Few risk factors have been identified for triple negative breast cancer (TNBC) which lacks expression of estrogen receptor (ER), progesterone receptor (PR) and human epidermal growth factor receptor 2 (HER2). This more aggressive subtype disproportionately affects some racial/ethnic minorities and is associated with lower survival. We pooled data from three population-based studies (558 TNBC and 5,111 controls) and examined associations of TNBC risk with reproductive history and breast-feeding. We estimated odds ratios (ORs) and 95% confidence intervals (CIs) using multivariable logistic regression. For younger women, aged <50 years, TNBC risk was increased two-fold for parous women who never breast-fed compared to nulliparous women (OR = 2.02, 95% CI = 1.12-3.63). For younger parous women, longer duration of lifetime breast-feeding was associated with a borderline reduced risk (≥24 vs. 0 months: OR = 0.52, 95% CI = 0.26-1.04, Ptrend = 0.06). Considering the joint effect of parity and breast-feeding, risk was increased two-fold for women with ≥3 full-term pregnancies (FTPs) and no or short-term (<12 months) breast-feeding compared to women with 1-2 FTPs and breast-feeding ≥12 months (OR = 2.56, 95% CI = 1.22-5.35). None of these associations were observed among older women (≥50 years). Differences in reproductive patterns possibly contribute to the ethnic differences in TNBC incidence. Among controls aged <50 years, the prevalence of no or short-term breast-feeding and ≥3 FTPs was highest for Hispanics (22%), followed by African Americans (18%), Asian Americans (15%) and non-Hispanic whites (6%). Breast-feeding is a modifiable behavioral factor that may lower TNBC risk and mitigate the effect of FTPs in women under age 50 years.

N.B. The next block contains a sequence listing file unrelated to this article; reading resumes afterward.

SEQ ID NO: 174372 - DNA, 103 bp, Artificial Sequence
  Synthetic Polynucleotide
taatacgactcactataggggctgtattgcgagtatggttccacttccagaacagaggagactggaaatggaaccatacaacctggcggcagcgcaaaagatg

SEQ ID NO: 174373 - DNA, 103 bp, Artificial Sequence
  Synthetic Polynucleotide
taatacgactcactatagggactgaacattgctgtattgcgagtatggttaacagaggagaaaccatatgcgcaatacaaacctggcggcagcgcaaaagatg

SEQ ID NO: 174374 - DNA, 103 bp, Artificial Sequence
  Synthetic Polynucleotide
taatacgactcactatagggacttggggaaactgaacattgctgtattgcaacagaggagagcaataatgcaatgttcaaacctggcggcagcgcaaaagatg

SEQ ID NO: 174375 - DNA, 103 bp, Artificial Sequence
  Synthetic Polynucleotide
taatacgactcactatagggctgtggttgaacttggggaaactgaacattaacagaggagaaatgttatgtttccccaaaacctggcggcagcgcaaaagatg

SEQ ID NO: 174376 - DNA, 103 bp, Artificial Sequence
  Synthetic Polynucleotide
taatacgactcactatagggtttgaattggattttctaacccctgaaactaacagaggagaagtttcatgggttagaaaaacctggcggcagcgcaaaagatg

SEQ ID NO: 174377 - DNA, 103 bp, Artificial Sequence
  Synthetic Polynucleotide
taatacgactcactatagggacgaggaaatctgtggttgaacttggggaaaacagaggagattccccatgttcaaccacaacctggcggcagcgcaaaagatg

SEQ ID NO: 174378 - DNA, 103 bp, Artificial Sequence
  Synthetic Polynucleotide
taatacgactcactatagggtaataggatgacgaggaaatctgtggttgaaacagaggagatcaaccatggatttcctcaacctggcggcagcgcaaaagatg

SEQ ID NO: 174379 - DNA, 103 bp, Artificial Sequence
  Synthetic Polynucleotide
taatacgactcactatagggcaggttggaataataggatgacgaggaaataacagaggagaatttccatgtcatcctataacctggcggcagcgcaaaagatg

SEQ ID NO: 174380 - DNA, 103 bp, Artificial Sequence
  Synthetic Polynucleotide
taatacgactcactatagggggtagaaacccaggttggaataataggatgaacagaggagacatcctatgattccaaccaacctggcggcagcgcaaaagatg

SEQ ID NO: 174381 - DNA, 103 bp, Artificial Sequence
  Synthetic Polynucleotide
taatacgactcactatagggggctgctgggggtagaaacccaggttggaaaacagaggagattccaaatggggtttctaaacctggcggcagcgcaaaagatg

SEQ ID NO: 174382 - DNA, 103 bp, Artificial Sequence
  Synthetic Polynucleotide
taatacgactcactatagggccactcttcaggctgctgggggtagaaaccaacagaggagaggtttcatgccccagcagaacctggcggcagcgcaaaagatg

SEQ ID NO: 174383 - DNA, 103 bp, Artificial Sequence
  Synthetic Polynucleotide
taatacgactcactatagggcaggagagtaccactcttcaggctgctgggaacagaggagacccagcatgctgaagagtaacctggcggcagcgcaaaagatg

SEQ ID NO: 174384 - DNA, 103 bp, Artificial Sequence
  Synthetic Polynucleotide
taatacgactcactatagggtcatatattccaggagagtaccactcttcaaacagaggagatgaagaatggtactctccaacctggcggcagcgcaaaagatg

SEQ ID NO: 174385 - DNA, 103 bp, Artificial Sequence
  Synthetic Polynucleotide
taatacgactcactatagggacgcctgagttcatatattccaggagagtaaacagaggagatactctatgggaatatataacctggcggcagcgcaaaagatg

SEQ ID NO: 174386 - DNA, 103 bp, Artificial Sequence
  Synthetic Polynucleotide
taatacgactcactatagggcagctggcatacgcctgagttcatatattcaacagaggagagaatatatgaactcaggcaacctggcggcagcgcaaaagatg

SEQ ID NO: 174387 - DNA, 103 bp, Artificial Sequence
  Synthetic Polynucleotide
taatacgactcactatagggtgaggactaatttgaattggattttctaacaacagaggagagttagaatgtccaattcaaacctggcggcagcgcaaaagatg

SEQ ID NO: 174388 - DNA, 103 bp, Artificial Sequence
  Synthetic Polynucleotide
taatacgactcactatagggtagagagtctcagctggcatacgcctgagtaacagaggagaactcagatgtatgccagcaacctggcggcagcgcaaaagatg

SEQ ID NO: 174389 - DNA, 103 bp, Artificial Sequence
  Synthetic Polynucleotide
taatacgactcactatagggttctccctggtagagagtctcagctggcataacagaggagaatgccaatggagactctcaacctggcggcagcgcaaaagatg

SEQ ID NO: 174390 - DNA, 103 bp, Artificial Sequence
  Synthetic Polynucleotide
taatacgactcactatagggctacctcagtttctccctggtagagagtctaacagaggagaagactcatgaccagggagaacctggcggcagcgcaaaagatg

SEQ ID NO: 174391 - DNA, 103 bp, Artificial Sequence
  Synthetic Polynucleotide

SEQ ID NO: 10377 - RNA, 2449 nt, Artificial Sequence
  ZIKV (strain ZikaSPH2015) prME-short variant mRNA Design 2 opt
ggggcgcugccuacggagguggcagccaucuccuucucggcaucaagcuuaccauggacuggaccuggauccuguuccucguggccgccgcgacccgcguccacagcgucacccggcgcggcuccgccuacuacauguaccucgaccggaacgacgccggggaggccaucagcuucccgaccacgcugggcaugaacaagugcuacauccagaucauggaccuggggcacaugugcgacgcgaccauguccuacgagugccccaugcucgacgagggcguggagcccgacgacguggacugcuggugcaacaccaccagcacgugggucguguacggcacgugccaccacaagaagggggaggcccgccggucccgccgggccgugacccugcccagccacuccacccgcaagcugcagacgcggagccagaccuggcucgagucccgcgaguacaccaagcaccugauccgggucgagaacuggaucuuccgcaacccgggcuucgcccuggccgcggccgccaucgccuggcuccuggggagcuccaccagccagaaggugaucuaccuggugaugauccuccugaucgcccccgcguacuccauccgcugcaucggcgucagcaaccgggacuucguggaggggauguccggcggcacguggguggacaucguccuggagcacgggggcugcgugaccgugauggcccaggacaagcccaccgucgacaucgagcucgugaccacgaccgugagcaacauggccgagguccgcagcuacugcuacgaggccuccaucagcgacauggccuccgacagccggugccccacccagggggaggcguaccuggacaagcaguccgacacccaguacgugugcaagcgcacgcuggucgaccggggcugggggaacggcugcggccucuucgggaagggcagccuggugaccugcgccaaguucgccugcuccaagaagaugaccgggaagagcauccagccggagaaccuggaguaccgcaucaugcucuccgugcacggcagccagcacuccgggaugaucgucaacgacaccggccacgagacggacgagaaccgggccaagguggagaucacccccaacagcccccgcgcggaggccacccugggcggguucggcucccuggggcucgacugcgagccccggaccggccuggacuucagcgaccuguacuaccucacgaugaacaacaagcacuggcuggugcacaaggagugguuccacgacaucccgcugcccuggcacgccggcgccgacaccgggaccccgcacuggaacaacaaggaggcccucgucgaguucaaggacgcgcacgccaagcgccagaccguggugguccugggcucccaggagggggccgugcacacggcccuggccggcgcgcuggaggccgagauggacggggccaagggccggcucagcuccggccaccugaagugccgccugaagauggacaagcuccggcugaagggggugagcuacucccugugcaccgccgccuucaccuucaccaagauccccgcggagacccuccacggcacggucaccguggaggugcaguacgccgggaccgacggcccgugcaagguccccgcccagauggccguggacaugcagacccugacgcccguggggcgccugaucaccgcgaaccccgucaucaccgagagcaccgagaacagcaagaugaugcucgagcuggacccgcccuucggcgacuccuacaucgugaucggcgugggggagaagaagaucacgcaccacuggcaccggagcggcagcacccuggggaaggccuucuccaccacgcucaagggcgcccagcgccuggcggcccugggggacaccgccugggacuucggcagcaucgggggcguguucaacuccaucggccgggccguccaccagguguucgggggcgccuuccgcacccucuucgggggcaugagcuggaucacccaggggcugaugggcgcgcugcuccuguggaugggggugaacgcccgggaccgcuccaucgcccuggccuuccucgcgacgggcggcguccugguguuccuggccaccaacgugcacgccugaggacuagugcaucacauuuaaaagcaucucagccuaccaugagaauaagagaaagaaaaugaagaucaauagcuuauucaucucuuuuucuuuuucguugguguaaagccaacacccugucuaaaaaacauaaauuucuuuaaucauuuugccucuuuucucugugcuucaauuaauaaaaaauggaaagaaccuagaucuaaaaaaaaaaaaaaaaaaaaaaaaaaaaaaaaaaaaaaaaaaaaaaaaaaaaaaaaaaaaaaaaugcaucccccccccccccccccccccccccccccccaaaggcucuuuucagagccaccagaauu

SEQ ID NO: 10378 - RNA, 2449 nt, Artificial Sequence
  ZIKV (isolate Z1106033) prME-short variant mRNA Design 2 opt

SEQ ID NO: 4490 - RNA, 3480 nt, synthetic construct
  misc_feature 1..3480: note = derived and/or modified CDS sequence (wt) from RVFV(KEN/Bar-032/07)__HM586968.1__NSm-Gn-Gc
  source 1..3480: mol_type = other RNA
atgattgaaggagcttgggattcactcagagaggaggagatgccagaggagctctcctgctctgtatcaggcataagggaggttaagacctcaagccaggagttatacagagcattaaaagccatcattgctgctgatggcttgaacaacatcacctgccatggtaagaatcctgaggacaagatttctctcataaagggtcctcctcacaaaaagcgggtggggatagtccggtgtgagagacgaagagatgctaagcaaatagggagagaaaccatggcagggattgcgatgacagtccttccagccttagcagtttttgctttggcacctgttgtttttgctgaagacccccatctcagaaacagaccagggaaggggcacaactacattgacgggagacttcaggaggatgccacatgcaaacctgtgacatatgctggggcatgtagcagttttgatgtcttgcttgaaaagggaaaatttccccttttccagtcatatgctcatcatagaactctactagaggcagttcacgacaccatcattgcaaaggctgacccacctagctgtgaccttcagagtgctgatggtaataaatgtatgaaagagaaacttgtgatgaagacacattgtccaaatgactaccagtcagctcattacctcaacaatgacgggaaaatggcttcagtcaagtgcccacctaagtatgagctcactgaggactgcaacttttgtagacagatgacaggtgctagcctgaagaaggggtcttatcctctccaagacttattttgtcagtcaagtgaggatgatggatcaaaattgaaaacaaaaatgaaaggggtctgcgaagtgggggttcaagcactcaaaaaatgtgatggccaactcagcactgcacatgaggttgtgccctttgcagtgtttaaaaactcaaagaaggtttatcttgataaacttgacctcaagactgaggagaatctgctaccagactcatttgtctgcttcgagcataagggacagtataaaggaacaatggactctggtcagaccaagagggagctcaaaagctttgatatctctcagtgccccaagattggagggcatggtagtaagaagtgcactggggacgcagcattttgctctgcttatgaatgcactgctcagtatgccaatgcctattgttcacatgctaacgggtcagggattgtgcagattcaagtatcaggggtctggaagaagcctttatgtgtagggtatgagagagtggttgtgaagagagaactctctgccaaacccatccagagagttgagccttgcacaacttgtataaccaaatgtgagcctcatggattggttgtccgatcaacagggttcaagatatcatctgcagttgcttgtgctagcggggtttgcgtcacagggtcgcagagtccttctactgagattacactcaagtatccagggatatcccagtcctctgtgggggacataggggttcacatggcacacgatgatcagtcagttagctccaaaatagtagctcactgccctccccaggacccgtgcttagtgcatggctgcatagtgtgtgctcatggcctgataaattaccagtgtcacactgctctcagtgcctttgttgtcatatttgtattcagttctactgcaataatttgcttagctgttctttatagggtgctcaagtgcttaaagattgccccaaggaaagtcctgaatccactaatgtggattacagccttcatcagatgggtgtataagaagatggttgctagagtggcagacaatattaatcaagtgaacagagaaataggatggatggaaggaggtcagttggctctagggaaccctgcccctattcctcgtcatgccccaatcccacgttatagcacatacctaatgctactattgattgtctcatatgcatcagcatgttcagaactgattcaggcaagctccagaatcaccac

Keywords: Hispanics; Latinas; breast cancer; breast-feeding; epidemiology; estrogen receptor status; parity; progesterone receptor status; risk factors; triple negative breast cancer.
© 2018 UICC.